This post is for my dear not-remotely-Buddhist friends Patty and Treeman of Tree Climbers International.
I recently heard a talk by one of my favorite Buddhist teachers, Gil Fronsdal, and it occurred to me that he might be sharing one of the very few things you don’t know about trees.
This portion was near the start of a talk he titled John Lewis and Persevering with Non-harming. Please note that I have abridged it some.
I had the good fortune of meeting a wonderful Buddhist monk named Maha Ghosananda. He was considered the Gandhi of Cambodia.
Pol Pot had slaughtered millions of Cambodians. In 1976, there were 60,000 Buddhist monks. By the time the genocide was finished three years later, there were only 3,000 left.
Maha Ghosananda was one of them. He survived because he was living in Thailand at that time.
Jack Kornfield saw him when he was in Thailand. They were in the same monastery for a while practicing. [He reported that] Maha Ghosananda went to the refugee camps at the Thai/Cambodian border to support and minister to the Cambodian refugees. He was warned not to go there. Both the Thai government didn’t want him there and Pol Pot also didn’t want him there. He was threatened with his life.
But he would go anyway. Some of these refugees hadn’t seen a Buddhist monk for a long time. To have a Buddhist monk come was quite impactful for them.
The story goes of him standing up on the stage with thousands of people in the refugee camp all around him. He started chanting some of the familiar chants that they knew and hadn’t heard for a long time. Imagine this huge trauma. Maha Ghosananda himself lost his entire family, his friends, his communities. So here he is.
Maha Ghosananda comes up on this stage with thousands of refugees around. He starts chanting and they start crying. One they recited with him was the simple chant:
“Hate is never overcome by hate. By love alone is hate overcome. This is the ancient truth.”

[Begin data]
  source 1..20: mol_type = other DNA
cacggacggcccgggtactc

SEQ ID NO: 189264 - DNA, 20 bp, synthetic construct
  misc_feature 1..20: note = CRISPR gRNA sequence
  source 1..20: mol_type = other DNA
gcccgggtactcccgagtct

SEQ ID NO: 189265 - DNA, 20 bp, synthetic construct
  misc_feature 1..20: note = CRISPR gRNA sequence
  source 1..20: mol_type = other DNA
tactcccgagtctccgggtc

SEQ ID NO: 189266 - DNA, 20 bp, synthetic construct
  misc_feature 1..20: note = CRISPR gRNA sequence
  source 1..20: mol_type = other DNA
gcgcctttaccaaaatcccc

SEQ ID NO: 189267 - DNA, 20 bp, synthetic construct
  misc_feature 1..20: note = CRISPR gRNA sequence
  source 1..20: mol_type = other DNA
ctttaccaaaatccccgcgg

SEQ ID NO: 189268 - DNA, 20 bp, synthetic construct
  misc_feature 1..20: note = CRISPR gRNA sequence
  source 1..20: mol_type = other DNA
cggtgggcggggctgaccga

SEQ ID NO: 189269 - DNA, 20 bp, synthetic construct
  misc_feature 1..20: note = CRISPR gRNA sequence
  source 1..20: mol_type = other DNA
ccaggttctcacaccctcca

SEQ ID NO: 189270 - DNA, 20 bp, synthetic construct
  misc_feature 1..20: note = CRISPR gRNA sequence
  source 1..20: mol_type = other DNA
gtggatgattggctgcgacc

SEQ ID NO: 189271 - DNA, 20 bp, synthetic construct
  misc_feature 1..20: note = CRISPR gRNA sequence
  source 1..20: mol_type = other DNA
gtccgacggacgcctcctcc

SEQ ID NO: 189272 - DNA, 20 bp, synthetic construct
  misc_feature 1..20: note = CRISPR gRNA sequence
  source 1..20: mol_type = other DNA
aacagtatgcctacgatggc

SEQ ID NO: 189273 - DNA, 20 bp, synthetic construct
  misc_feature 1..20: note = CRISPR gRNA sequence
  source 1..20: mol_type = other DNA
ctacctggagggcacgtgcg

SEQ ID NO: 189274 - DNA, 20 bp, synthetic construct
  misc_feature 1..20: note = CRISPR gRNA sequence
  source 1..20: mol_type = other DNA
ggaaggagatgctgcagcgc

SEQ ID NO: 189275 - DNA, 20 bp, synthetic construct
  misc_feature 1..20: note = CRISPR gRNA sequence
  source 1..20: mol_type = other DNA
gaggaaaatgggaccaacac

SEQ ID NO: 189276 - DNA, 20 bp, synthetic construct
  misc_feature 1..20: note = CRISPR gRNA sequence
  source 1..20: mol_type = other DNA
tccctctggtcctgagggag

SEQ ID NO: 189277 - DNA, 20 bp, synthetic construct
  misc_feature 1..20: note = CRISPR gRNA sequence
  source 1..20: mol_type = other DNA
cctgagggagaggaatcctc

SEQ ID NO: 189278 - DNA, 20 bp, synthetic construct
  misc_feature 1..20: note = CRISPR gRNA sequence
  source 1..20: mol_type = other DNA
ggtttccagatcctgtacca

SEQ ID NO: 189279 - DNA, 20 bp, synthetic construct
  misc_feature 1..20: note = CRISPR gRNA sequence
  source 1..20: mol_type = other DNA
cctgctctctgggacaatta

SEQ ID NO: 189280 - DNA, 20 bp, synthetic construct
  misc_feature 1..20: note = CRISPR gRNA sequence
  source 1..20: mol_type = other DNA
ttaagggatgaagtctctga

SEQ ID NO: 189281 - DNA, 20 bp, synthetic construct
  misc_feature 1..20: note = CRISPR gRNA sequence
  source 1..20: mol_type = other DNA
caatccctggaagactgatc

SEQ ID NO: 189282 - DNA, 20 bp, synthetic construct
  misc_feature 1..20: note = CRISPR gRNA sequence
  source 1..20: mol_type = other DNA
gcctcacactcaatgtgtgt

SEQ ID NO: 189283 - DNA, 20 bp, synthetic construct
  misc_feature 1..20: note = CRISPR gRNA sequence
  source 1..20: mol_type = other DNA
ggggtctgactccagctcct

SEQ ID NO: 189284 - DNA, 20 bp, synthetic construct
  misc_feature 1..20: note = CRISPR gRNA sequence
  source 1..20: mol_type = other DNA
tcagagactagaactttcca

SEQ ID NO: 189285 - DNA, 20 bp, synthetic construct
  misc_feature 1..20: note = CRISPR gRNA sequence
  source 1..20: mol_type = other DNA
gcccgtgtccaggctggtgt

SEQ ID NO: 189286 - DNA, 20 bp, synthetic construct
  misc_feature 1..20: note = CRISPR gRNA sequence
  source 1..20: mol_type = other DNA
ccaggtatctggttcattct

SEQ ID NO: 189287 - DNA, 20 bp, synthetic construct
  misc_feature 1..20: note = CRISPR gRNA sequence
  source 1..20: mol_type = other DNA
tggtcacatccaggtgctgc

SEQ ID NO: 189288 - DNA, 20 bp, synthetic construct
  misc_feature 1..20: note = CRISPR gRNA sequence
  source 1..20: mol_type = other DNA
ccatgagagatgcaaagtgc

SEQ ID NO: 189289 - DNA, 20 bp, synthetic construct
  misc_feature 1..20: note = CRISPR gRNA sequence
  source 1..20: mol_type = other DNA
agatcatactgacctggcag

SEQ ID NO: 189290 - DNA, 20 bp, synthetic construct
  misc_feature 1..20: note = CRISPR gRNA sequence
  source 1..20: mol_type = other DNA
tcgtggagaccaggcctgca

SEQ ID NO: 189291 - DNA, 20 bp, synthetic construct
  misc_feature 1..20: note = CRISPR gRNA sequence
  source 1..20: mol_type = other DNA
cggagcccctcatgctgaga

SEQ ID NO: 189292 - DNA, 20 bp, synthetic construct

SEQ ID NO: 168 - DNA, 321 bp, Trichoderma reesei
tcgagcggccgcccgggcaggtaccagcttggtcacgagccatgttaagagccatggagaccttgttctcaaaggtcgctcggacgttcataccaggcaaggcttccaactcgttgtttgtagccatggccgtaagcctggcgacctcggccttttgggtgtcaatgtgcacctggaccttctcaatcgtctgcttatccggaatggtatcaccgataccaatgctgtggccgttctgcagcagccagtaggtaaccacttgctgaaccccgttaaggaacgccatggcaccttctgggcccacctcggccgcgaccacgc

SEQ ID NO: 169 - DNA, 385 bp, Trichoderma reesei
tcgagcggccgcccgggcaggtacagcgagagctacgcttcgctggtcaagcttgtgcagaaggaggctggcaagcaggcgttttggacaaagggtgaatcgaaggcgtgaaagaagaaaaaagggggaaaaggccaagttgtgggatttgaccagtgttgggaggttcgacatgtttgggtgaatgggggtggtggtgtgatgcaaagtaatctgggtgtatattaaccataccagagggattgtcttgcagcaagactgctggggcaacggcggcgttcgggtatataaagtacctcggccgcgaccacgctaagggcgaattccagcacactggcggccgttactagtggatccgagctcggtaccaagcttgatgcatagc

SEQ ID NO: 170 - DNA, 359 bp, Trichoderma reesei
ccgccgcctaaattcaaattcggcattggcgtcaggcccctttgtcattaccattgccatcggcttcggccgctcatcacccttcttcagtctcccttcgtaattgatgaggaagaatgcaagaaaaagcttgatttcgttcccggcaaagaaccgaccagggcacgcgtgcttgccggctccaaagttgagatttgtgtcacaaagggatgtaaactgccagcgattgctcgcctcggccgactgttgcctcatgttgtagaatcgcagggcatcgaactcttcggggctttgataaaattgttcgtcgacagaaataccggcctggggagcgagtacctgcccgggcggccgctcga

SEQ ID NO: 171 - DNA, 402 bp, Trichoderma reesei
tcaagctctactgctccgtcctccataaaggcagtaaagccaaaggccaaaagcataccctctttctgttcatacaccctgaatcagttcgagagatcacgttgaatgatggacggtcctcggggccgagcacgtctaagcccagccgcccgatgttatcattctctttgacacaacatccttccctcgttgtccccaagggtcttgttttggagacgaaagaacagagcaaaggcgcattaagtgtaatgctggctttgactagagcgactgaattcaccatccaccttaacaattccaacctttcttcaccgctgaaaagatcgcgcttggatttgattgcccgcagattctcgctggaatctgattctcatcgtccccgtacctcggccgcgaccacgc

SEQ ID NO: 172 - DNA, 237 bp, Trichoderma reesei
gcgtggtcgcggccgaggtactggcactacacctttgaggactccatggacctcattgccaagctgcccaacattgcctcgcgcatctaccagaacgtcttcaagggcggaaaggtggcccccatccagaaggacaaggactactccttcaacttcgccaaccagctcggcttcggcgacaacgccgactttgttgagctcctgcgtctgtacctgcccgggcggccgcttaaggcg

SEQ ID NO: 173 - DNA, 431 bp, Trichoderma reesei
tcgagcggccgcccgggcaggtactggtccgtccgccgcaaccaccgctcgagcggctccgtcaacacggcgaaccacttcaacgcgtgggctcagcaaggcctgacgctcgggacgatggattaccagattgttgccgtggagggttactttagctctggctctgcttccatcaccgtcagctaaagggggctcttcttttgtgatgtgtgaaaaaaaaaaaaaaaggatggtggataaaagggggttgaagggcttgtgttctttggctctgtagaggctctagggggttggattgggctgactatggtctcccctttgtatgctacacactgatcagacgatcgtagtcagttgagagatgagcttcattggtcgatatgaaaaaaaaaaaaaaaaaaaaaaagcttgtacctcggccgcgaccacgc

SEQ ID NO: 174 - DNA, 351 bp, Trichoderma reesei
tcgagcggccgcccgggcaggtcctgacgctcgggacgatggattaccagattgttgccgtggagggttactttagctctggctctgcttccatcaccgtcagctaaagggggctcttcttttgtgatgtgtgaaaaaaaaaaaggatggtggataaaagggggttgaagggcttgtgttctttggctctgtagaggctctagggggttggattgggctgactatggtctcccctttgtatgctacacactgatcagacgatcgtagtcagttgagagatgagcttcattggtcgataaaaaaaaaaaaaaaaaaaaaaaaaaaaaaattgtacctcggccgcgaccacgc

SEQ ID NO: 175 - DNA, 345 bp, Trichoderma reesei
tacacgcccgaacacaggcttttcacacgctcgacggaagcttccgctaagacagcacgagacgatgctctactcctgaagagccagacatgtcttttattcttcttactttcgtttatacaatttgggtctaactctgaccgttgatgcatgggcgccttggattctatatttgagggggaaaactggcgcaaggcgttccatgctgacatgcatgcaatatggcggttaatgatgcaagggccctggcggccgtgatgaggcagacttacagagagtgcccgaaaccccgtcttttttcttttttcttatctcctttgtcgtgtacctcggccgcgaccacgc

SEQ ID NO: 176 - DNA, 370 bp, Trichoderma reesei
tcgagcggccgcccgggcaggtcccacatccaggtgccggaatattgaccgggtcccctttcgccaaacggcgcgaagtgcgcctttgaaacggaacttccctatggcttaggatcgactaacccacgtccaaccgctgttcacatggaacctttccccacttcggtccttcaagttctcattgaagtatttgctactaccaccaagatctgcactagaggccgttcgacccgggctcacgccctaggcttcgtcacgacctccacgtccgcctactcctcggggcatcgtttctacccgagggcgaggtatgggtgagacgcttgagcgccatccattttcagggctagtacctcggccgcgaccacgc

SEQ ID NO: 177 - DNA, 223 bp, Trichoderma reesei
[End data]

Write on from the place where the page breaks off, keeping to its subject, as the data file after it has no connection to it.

What a phenomenal message to bring into refugee camps where probably many of those refugees had seen horrendous things happen to their people, had lost their country, and so much. He came with that message of hope.
When I met him, he had already gone back to Cambodia. He’d been there for about 10 years, helping with the reconstruction of the country and bringing peace. I met him for breakfast one day and asked him a question.
I had learned that he had spent time dedicating himself to tree planting in Cambodia among the many things that he did. And I asked him, “Why do you, as a Buddhist monk, spend time planting trees? You could be teaching, training new monks, all kinds of things, but why planting trees?
This old man (he was probably in his 80’s) looked at me very kindly and said, “The Buddha was born under a tree, was enlightened under a tree, taught under a tree, and died under trees.” That’s all he said. But I heard him — that he thought trees were really important and a place for the Dharma, a place of practice, a place where people can connect to something really important.
Here he was planting trees — trees that probably would never come to maturity in his lifetime. But he was also planting for the future. He had this longer vision of what was possible and this idea of persevering — not to lose track of this bigger span of time that we live in and how things come and go and change — and how the past is really close by and the future is not far away.
What we do now can have a huge impact for the future.
~ Gil Fronsdal